Of course, the inevitable day arrived when the ongoing feeling of something “not right” overcame his reluctance, and he went for the necessary tests and booked his appointment with the doctor. He was subsequently referred to an oncologist and has had one consultation with her.

I expected to see a rise in my father’s anxiety. After all, his test results are not what we all hope for when we anxiously await results: a clear bill of health. His attitude, in fact, suggests relief, and therein lies the lesson.

Knowing where you stand – be it regarding your health, your finances, your job – is so empowering, even if it is not where you want to be. It’s far better than living in that limbo of uncertainty, imagining what the reality COULD be, or suppressing feelings of fear that find their way to the surface when the pressure is on. I liken it to a ball bobbing on the water – you can push it down underwater with as much force as you can apply, but it will shoot up somewhere else.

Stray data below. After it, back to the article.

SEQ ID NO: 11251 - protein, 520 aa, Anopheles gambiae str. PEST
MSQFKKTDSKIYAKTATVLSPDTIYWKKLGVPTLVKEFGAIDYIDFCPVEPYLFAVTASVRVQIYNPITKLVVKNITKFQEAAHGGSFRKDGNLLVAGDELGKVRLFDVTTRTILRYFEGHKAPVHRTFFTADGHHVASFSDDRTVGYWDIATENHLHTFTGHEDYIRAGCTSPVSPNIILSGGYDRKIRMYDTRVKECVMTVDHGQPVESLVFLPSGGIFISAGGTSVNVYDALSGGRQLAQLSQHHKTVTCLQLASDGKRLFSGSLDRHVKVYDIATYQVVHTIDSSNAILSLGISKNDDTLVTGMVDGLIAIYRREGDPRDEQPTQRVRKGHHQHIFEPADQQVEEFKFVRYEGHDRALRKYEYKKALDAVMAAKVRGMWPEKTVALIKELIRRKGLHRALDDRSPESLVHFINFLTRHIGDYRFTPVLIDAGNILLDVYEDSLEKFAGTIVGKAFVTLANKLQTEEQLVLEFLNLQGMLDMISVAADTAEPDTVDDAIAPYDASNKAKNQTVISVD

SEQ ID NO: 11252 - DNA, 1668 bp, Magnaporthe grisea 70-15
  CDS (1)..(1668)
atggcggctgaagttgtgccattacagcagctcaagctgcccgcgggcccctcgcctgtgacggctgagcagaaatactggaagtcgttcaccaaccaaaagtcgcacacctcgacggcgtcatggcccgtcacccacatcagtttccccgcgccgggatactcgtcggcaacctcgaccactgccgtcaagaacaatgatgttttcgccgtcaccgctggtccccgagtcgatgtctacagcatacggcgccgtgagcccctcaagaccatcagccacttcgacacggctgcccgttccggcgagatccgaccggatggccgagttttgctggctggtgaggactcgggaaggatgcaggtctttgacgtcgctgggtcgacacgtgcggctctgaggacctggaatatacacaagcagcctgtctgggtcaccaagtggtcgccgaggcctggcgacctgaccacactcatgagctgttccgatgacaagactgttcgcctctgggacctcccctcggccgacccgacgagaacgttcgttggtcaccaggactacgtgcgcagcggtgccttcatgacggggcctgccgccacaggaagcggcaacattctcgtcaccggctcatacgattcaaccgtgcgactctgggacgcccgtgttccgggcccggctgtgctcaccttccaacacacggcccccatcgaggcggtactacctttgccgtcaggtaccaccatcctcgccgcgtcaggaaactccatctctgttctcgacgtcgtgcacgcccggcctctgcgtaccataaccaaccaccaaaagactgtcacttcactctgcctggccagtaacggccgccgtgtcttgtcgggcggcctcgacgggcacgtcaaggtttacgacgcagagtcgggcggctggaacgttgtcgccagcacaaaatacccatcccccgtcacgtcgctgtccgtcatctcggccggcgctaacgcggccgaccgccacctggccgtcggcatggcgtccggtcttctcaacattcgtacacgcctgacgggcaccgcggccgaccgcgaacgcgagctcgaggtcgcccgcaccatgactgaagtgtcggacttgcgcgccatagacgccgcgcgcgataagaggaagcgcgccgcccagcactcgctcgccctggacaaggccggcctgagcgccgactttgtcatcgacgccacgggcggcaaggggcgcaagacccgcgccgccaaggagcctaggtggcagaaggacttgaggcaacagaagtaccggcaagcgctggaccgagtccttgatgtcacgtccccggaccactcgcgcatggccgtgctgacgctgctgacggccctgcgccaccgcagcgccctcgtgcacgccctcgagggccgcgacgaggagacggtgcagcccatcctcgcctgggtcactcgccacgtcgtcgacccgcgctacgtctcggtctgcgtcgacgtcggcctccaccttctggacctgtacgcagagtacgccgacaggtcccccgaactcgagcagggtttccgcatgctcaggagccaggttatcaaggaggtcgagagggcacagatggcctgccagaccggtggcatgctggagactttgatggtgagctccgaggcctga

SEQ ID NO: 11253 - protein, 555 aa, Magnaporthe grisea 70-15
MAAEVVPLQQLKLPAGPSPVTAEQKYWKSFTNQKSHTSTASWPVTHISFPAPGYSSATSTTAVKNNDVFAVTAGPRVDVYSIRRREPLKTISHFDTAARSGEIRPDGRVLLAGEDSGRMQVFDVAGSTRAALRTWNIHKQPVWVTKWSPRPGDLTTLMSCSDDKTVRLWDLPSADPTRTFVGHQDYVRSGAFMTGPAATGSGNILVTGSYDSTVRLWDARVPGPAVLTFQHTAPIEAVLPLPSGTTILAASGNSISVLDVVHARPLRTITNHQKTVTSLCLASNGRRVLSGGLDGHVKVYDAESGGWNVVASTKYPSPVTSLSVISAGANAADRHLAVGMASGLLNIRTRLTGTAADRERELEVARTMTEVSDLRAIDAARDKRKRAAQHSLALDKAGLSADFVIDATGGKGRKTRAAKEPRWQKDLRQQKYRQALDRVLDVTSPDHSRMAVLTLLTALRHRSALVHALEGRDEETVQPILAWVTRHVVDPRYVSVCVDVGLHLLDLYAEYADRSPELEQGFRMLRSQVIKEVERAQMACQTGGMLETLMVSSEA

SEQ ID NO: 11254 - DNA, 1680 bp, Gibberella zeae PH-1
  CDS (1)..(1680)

Secondly, the doctor to whom he was referred was just the right person. Factual in her approach, she was nevertheless empathetic and positive.

We all have a choice – to take control of our journey into ageing, or to abdicate, and hope that everything will just work itself out.

But a reality check is that, if you have reasonably good health up to age 65 or 70, you have dodged one of the chronic illnesses that often prove fatal: heart failure, stroke, lung disease, cancer, diabetes and dementia.

So, you may be looking forward to robust health for a good few years yet, and it becomes even more crucial that you take control of your health. You want to enjoy the next chapter, so don’t succumb to the notion that ageing equals ill health. Yes, there will be progressive problems as you age, and ultimately, some kind of disability and the need for care. But take control now to reduce the possibility of having to manage a chronic condition earlier than necessary.

Regular health checks, regular exercise and healthy eating are a given. Cut out smoking, and don’t sweat the small stuff. Forgive, yourself first, and then others and the world for not being perfect. And let go of what does not serve you and the world.

MD and author, Sam Harrington captures this in his recommendation: “Study and embrace aging and chronic illness. Take control of your final chapter. Be there when it happens.”